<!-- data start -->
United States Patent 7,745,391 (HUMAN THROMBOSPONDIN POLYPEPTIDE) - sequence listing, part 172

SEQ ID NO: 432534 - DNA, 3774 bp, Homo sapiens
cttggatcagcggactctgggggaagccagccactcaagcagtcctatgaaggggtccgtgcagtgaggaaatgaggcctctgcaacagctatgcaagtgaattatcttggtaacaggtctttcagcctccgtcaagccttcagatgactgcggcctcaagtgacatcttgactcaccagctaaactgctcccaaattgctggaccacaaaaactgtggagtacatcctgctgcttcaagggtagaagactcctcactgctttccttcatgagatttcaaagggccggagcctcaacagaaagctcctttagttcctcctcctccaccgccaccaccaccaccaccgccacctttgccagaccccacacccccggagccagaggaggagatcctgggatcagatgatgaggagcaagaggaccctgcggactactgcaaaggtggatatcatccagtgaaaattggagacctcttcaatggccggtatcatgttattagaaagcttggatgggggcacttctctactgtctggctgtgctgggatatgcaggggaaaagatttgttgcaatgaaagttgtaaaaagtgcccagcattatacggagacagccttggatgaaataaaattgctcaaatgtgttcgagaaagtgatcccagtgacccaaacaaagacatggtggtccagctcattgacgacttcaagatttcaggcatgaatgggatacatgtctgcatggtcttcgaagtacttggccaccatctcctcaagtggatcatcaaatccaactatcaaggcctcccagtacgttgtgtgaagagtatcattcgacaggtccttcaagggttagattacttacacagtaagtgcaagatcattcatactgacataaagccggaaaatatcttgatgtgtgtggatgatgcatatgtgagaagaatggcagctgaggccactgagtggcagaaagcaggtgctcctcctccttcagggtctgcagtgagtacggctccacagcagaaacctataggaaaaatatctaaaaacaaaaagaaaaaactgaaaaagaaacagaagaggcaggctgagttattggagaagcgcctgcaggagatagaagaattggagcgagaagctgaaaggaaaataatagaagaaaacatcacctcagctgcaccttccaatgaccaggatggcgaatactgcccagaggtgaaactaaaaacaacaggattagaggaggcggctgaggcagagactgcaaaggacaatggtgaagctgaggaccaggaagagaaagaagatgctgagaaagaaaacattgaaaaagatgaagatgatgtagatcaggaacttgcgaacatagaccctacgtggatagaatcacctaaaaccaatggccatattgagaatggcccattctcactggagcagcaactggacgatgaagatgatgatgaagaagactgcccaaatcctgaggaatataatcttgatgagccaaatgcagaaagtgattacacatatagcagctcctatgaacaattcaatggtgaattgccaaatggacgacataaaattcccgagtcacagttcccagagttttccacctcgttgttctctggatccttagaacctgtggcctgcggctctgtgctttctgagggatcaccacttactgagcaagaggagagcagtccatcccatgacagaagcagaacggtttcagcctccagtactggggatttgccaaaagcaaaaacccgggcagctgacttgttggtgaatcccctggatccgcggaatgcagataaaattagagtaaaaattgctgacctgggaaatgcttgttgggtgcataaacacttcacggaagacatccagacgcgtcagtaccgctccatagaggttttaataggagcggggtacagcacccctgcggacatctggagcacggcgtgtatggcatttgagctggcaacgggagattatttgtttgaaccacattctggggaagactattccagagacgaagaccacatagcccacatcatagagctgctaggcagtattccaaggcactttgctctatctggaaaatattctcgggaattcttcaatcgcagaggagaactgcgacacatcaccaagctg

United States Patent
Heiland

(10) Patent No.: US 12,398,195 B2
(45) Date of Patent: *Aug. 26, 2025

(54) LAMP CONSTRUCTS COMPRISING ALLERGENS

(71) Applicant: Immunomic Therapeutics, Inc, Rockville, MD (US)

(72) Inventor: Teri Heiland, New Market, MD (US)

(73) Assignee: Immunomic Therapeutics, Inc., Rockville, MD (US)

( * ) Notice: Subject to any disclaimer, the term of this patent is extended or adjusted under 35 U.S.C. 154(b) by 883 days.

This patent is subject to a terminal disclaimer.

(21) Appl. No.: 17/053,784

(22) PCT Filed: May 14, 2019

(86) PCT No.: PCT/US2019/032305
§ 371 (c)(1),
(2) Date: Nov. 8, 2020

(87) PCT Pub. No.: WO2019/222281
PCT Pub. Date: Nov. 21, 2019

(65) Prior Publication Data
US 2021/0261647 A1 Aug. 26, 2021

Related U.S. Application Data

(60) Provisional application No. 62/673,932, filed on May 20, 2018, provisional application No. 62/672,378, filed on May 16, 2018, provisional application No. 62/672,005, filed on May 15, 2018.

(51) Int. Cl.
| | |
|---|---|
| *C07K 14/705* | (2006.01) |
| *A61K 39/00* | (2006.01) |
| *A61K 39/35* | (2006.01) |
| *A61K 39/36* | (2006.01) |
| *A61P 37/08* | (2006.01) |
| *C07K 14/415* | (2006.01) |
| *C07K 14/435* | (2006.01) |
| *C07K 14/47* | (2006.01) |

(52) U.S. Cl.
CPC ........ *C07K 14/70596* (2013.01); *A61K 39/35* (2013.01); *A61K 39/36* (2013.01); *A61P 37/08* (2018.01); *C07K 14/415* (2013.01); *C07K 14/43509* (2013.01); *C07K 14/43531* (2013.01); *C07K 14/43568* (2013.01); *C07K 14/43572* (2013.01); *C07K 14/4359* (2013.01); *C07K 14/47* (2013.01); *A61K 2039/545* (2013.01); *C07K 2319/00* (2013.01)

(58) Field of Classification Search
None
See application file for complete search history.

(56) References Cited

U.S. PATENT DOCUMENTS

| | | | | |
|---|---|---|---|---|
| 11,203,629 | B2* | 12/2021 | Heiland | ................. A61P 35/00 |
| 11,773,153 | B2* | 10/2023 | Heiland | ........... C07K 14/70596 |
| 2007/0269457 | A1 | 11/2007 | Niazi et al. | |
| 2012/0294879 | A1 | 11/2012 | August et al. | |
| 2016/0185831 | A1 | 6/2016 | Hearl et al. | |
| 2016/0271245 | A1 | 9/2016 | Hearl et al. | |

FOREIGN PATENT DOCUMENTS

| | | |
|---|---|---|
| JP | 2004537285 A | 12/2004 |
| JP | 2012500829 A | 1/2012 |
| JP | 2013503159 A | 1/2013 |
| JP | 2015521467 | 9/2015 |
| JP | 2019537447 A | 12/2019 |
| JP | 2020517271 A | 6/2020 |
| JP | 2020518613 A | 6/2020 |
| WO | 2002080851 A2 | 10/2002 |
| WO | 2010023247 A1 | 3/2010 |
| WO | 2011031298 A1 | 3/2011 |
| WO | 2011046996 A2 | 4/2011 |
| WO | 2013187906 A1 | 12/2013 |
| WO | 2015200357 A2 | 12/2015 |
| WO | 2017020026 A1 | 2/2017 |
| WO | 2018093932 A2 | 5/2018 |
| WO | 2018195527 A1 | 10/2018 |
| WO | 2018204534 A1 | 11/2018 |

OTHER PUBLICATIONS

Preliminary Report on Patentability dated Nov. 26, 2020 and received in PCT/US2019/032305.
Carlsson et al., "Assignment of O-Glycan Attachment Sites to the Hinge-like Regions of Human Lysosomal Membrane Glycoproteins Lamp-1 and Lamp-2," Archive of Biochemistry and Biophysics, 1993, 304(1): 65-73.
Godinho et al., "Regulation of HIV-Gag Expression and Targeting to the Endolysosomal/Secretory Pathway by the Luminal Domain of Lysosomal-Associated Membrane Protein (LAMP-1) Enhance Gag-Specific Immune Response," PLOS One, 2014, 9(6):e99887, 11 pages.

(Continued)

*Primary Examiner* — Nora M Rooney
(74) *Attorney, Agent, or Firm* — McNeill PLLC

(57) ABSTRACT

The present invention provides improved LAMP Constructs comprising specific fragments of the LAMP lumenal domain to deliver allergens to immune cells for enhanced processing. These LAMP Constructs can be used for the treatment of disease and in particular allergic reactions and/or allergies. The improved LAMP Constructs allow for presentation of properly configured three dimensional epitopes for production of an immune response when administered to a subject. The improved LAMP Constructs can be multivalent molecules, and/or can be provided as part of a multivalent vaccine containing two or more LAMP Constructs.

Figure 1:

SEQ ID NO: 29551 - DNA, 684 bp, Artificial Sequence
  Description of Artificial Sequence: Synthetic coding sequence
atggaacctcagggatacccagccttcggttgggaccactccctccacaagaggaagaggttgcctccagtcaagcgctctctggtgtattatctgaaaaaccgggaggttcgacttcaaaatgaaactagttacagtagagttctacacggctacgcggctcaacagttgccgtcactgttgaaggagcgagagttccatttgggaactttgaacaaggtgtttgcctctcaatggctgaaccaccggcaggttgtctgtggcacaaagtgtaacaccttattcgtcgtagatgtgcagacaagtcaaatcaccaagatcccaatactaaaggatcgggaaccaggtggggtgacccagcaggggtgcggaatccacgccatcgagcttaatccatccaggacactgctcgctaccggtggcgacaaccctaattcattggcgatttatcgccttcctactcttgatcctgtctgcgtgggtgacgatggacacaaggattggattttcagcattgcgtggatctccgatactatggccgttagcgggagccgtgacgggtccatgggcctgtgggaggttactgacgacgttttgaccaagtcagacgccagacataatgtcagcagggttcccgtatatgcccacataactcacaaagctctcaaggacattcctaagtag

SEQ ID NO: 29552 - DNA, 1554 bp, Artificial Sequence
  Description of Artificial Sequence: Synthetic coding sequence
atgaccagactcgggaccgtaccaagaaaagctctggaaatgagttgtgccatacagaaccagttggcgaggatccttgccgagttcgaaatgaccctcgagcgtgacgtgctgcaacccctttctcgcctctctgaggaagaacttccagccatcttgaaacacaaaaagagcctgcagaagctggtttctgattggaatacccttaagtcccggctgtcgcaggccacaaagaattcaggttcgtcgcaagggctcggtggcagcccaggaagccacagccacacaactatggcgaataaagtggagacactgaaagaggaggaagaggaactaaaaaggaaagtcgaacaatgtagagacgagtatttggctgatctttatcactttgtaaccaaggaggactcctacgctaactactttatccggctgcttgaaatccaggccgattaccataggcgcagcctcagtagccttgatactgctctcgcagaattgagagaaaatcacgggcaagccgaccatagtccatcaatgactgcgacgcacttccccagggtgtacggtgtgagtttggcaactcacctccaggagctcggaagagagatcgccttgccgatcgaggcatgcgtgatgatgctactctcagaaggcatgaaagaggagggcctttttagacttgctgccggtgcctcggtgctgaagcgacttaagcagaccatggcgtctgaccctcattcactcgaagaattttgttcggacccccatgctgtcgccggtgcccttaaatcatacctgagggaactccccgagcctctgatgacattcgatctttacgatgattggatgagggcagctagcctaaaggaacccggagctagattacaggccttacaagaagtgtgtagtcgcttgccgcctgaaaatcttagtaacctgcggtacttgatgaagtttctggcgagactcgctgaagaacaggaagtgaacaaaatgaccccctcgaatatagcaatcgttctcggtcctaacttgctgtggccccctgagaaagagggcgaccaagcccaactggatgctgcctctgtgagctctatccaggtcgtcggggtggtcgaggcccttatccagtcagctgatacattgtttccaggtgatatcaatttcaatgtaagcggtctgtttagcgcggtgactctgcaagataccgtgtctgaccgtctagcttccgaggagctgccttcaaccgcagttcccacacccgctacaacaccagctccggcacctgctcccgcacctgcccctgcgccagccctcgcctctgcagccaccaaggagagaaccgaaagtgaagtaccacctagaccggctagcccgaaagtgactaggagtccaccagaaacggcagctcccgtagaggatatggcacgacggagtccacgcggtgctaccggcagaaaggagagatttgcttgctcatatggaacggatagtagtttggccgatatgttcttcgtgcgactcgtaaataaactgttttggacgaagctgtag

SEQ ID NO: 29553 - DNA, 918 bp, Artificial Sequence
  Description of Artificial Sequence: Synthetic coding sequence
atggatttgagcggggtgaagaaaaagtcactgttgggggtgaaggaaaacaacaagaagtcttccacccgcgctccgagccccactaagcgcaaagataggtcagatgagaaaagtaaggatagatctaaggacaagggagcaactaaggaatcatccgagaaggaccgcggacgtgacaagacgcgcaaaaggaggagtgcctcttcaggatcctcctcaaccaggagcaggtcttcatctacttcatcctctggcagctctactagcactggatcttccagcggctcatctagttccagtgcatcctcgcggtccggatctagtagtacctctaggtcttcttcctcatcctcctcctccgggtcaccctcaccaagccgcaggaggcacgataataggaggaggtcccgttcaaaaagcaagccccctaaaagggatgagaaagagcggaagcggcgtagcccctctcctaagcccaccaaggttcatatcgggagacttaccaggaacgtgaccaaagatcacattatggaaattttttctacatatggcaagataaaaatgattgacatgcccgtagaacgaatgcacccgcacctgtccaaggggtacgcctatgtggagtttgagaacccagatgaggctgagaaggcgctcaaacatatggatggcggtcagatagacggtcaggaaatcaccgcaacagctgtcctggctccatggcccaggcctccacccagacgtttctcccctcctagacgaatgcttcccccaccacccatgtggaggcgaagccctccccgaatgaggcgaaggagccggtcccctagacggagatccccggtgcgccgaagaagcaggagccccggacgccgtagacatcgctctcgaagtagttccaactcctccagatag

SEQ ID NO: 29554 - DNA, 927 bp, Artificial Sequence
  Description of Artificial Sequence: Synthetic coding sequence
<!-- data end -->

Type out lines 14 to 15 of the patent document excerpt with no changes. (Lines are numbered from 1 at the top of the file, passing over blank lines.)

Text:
(21) Appl. No.: 17/053,784

(22) PCT Filed: May 14, 2019